Family History Resources

Jewish Graves, Rookwood

Australian Jewish News writes more than 70 per cent of the current Sydney Jewish community is expected to be buried in Sydney’s newest cemetery in Varroville.

With Jewish burial spots at Macquarie Cemetery set to run out this year, and only about five years’ worth of spots available at Rookwood Cemetery, the community will find a new home near Campbelltown after an announcement by the NSW Independent Planning Commission this week.

“We first brought this issue to the government’s attention in 2005 and we’re delighted with the approval,” David Knoll, who has been representing the Jewish community in discussions with the government, told The AJN.

“The first time there was a realistic prospect of this moving forward was last year under the Berejiklian government and she has made this possible.”

The Sydney Chevra Kadisha thanked the NSW government for “helping provide for future Jewish community burial requirements”. 

“We would also like to thank the CMCT for including the needs of the Jewish community in this development,” the Sydney Chevra Kadisha said, adding, “We are grateful to the NSW Jewish Board of Deputies for their ongoing work to provide for future burials for the Jewish community.”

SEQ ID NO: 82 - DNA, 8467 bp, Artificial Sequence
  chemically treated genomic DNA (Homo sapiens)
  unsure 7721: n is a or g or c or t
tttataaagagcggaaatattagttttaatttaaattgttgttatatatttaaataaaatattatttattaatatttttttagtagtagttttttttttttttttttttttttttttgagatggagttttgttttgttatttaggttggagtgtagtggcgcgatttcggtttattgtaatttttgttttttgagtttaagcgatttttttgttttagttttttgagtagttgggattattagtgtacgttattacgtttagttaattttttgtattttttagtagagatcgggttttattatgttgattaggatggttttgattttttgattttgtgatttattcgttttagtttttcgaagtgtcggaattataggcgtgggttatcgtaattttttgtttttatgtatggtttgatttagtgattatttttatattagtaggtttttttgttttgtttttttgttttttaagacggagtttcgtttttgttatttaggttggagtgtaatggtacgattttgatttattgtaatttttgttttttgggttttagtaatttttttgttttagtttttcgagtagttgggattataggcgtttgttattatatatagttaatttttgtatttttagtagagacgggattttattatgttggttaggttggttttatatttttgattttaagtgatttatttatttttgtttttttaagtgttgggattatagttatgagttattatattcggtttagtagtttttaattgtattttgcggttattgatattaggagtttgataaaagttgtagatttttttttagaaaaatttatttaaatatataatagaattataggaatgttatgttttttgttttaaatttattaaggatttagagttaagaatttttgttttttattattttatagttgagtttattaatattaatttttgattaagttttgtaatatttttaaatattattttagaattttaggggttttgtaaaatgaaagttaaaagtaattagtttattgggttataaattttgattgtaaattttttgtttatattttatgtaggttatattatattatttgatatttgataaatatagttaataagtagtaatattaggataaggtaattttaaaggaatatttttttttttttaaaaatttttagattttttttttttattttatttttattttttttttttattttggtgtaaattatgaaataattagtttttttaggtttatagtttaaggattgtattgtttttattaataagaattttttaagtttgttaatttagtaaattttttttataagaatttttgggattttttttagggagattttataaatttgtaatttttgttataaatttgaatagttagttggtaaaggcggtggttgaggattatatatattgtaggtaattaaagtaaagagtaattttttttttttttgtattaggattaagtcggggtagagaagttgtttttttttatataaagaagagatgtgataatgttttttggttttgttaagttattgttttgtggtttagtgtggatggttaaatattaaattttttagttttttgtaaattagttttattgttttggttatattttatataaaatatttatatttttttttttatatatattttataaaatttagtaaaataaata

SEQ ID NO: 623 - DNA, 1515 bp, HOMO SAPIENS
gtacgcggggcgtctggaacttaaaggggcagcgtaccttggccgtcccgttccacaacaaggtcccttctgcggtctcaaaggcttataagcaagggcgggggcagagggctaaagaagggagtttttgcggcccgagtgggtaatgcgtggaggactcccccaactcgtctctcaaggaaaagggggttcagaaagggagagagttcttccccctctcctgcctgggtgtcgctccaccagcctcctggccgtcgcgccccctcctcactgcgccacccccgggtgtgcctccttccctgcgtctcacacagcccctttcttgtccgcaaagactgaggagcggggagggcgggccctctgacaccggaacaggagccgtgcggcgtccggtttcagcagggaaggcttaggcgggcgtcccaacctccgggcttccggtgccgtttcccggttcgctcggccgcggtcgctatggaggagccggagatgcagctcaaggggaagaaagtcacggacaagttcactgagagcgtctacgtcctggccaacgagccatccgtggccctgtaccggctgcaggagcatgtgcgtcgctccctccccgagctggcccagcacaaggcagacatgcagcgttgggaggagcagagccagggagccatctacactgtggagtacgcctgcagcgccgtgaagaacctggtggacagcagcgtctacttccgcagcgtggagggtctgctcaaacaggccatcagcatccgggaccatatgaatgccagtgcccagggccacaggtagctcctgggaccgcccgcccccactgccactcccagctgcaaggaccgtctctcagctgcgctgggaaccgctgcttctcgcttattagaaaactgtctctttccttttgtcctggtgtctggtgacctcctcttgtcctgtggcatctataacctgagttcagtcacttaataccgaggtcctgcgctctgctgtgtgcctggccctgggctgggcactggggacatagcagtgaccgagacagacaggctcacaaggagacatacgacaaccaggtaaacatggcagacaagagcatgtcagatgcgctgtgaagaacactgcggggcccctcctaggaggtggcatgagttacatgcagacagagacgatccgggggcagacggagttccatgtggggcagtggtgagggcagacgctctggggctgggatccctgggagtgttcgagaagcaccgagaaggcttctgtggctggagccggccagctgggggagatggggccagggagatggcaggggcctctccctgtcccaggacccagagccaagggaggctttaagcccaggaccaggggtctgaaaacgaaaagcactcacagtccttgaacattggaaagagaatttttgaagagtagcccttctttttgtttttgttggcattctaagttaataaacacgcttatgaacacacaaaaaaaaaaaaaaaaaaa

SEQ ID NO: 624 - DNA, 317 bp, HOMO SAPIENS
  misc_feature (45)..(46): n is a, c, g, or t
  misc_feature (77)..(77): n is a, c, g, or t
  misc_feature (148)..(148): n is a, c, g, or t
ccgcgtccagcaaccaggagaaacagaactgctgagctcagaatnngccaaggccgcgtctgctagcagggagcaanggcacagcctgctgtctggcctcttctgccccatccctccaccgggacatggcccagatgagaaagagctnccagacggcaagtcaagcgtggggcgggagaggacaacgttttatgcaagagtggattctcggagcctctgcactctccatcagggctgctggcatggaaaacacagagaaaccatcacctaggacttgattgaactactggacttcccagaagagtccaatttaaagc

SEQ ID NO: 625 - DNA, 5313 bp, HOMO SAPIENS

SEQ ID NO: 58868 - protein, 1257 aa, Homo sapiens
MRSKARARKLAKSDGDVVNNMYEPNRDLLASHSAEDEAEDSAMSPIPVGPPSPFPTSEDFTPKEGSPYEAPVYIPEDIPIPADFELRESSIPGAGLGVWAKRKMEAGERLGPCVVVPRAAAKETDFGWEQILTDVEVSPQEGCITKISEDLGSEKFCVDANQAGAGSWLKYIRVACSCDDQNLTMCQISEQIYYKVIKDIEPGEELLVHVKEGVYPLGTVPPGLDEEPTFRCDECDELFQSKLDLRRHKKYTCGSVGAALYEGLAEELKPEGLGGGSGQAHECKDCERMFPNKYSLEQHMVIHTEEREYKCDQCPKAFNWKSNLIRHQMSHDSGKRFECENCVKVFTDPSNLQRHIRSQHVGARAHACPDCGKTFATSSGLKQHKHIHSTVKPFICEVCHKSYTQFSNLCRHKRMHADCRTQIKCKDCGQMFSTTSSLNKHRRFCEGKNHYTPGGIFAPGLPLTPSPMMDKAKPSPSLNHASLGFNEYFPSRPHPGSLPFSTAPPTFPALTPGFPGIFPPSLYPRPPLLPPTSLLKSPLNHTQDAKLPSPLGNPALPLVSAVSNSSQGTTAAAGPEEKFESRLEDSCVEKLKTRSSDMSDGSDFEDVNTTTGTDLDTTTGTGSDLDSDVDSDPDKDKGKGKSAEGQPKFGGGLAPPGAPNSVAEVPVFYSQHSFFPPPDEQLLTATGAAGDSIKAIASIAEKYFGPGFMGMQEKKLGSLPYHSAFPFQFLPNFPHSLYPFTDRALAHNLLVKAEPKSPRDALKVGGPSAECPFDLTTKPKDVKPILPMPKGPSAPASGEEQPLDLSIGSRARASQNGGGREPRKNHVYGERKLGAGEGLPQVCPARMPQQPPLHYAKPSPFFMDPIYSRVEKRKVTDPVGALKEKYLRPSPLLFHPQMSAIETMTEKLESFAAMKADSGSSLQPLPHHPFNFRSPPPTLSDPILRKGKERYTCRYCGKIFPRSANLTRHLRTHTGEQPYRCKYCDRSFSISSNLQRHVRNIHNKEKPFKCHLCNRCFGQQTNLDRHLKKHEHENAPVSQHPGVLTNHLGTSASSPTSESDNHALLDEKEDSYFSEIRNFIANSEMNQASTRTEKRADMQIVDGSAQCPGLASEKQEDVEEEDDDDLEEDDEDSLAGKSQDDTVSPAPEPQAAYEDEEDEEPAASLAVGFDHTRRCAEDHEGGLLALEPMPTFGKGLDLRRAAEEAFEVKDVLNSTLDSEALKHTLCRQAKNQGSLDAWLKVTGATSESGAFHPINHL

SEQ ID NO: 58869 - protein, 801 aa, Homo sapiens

The Sydney Beth Din’s Rabbi Yehoram Ulman, who consecrated the new section at Rookwood last year, said, “Any provision for halachic burial is an important achievement within the community.

The location of the new cemetery is a farm estate dating back to 1810 that played a significant role in the horticultural development of NSW in colonial times. The heritage-listed property also contains a privately owned homestead dating back to 1858 and several outbuildings.

Due to the historical significance of the site, the DA was being contested and its approval comes after then NSW planning minister Anthony Roberts took it out of Campbelltown City Council’s hands in mid-2018. 

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